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In 1931 Cliff Henderson decided that the United States needed an annual cross country air race to promote and encourage the achievements of the US aviation community. The emphasis would be placed on reliability and endurance as well as speed. To this end Cliff Henderson managed to persuade businessman, Mr. Vincent Bendix, to back his ideas and the Bendix Transcontinental Trophy Race was born. During the "Golden Age of Aviation" (mid-1920's to the late 1930's) the Bendix Race attracted many of America's most innovative and daring aviators, many of whom would win many aviation records over the years. After the war the event became a military event and for most people it lost it's pioneering appeal that had made it so popular in the early years. Up until the early 1930's, the race was completely male dominated and the races were seen as no place for women. Admittedly, it was mainly the male pilots who kept women from competing. The tragic death of Florence Klingensmith at the Frank Phillips Trophy Races in Chicago flying her Gee Bee racer lead to Henderson ruling women out of the 1934 finals. However, women could not be kept from competing for long and the ban was lifted in 1935 following increasing pressure from America's increasingly talented top female pilots. The only question left was, "were women up to the stresses and endurance demanded by the race?". Each year in early September the aviation world has been thrilled by the roar of planes competing in the Bendix Trophy Race. This year the roar will be only a memory. The National Air Races at Cleveland themselves, of which the Bendix “Transcontinental Speed Dash” was always an exciting part, have been postponed from Labor Day to Armed Forces Day next May. The Bendix as we have known it since its start nineteen years ago will not be there. Military jet planes alone, if current plans for inclusion of the “J” or jet division are carried out, will vie for the title of fastest-cross-country. Propeller-driven craft and their civilian pilots, it is now realized, flew their last race in 1949. So, as we close our books on another colourful episode in the onmoving drama of flight, we see in retrospect, a story of great flyers and great airplanes which have characterized the Bendix classic through the years. Proponents of cross-country air racing have long claimed for it the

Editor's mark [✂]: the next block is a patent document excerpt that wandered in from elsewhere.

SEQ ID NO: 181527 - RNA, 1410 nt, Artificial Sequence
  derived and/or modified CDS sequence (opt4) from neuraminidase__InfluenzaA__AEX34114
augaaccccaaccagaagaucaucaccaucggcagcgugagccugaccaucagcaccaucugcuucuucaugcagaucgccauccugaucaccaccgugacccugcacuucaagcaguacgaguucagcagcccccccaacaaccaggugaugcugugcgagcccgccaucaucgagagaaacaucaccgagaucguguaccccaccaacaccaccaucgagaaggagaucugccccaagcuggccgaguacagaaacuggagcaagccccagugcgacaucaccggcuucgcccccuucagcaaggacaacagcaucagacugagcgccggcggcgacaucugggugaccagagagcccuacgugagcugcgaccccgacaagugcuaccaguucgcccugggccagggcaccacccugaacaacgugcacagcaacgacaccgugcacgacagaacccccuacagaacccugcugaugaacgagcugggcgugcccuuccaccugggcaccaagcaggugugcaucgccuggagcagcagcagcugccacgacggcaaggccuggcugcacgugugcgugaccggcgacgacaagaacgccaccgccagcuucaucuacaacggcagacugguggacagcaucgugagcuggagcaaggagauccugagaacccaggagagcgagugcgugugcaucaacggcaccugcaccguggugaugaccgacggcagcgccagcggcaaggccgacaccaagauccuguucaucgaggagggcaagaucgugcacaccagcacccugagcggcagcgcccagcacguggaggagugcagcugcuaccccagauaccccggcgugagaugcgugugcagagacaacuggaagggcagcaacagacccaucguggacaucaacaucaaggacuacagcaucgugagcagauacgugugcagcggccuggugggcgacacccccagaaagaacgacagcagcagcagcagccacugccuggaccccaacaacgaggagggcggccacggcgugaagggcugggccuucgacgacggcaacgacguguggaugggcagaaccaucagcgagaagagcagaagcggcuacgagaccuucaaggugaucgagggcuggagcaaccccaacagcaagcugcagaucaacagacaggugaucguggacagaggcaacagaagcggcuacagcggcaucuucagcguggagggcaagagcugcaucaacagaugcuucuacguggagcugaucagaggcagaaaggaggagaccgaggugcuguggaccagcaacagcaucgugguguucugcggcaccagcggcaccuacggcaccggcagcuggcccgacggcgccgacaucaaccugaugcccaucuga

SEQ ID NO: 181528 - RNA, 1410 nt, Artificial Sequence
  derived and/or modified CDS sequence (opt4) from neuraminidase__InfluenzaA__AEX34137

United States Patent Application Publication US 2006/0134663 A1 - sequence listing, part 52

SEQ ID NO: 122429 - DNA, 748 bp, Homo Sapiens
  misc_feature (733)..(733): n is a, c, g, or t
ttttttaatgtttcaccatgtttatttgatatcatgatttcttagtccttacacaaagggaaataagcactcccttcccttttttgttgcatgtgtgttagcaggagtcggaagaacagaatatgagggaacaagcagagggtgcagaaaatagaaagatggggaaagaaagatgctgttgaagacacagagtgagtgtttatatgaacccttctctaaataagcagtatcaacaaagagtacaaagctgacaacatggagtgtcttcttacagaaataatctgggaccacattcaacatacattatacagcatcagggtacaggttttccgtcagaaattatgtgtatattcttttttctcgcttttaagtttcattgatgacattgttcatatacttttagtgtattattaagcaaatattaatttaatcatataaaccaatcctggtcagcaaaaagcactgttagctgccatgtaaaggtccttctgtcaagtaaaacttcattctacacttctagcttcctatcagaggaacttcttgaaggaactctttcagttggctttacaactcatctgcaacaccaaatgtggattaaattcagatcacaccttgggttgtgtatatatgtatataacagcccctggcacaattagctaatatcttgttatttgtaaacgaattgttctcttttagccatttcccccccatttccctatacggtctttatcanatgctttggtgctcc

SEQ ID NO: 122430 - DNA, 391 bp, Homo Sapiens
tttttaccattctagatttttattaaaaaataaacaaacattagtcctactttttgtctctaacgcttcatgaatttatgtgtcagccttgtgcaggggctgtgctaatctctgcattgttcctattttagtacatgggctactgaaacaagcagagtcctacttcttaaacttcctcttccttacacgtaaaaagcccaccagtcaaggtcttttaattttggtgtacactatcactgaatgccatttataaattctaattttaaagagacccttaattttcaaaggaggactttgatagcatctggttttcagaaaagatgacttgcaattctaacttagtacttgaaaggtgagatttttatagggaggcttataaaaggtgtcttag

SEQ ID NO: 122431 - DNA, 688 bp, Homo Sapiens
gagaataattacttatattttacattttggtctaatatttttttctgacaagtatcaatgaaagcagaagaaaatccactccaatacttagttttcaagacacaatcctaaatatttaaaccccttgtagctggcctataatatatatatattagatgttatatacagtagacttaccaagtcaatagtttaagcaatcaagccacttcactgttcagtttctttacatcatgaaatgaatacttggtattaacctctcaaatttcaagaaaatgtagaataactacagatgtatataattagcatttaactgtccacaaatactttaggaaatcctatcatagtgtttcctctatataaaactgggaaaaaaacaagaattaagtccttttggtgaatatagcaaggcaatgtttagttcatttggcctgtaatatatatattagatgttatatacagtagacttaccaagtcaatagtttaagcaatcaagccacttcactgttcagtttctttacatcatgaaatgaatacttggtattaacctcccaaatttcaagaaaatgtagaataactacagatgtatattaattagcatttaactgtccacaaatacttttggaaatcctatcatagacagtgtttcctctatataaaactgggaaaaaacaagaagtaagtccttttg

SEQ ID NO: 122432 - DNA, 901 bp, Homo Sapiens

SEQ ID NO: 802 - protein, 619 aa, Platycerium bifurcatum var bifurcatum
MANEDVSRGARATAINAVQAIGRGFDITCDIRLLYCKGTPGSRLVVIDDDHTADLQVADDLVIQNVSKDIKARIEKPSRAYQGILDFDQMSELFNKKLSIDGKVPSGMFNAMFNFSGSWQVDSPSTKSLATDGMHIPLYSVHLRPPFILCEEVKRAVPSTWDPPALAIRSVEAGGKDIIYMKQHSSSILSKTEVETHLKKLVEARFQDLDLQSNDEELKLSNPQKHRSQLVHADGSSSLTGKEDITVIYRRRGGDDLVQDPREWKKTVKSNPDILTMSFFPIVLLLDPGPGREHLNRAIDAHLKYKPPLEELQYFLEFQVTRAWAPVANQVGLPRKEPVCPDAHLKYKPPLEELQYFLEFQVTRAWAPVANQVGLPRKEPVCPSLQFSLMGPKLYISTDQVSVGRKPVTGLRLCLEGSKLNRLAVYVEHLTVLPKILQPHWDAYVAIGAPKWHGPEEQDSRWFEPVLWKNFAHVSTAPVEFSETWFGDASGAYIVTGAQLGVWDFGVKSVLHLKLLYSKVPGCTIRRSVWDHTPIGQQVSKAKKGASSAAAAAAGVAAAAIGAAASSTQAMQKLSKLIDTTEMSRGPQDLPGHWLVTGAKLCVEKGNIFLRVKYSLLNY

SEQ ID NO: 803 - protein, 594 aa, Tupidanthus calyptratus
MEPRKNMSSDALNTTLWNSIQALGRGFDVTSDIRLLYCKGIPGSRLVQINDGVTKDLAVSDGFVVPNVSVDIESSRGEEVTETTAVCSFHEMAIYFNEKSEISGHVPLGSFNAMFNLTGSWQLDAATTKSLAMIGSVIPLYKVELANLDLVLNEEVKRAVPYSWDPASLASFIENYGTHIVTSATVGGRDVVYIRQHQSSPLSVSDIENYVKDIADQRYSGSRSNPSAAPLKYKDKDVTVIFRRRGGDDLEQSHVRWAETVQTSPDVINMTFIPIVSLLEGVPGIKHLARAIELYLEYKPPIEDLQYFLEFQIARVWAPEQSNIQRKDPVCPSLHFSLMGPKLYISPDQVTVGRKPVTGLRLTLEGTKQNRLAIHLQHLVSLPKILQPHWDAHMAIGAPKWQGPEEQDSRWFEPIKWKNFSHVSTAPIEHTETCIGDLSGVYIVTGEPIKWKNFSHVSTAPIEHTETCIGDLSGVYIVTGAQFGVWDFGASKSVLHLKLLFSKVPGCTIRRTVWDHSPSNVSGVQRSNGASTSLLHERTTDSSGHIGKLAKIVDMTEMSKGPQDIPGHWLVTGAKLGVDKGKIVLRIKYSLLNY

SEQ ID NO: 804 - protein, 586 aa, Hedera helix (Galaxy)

Doolittle made refuelling stops at Albuquerque and Kansas City. Such a contest is a basic problem of getting from one point of the country to another in the shortest possible time. Actually. But with the coming of the Bendix. Furthermore. inaugurated the Bendix back in 1931 by flying from Los Angeles to Cleveland in 9 hours. all of the finishing planes were commercial model Lockheed Orions and Altairs. it is the supreme test of the pilot’s skill in pre-flight planning and preparation and in-flight navigation.000 plus an additional $2. do you encounter flying conditions comparable to what an airplane in everyday service must face. a bi-plane of just 21-foot span and 1. who has left his imprint on so many of aviation’s annals.500 for the cross-country record. Only in these long-range grinds. These were generally worked out on a handicap basis. Doolittle. power and range of the competing planes. the fundamental purpose of the airplane. This was shortly after Doolittle had retired from the Army Air Corps with the rank of major. nor on the route which a pilot might choose to follow to accomplish his mission. created the great race which bears his name.580 pounds’ weight. 16 minutes and 10 seconds. For the Bendix was an all-out race for speed. . While in the Air Corps he had established himself as the Army’s topranking speed pilot. manufacturer of aviation accessories. engine of 510 horsepower. these lesser races passed from the picture. For winning the race he collected a purse of $5. Of the eight planes starting in this race. they contend. 10 minutes and 21 seconds to win at an average speed of 223. It was powered by the air-cooled Pratt & Whitney Wasp Jr. Jimmie flew the only specially built racing plane entered in that first Bendix race. It was a small airplane by today’s standards. Aside from the winning Laird. and he lost no time in proving his right to it. As a consequence. At Cleveland he refuelled again and went on to Newark to break the transcontinental speed record at 11 hours. For many years before the Bendix was established. after all.058 miles per hour. No limitations were placed on the design or power of the airplanes. this big race has always attracted the nation’s most colourful flyers and the fastest airplanes. this racer was a refined version of the Laird Solution which won the first Thompson Trophy Race the year before. civilian air racing had centred in the cross-country type of event. which is. This was the Laird Super Solution. James H.distinction of being the most practical of all the forms of the highspeed game. taking into account the speed. It was with these thoughts in mind that the late Vincent Bendix. six finished within the established time limit. Naturally that reputation followed him into civilian life.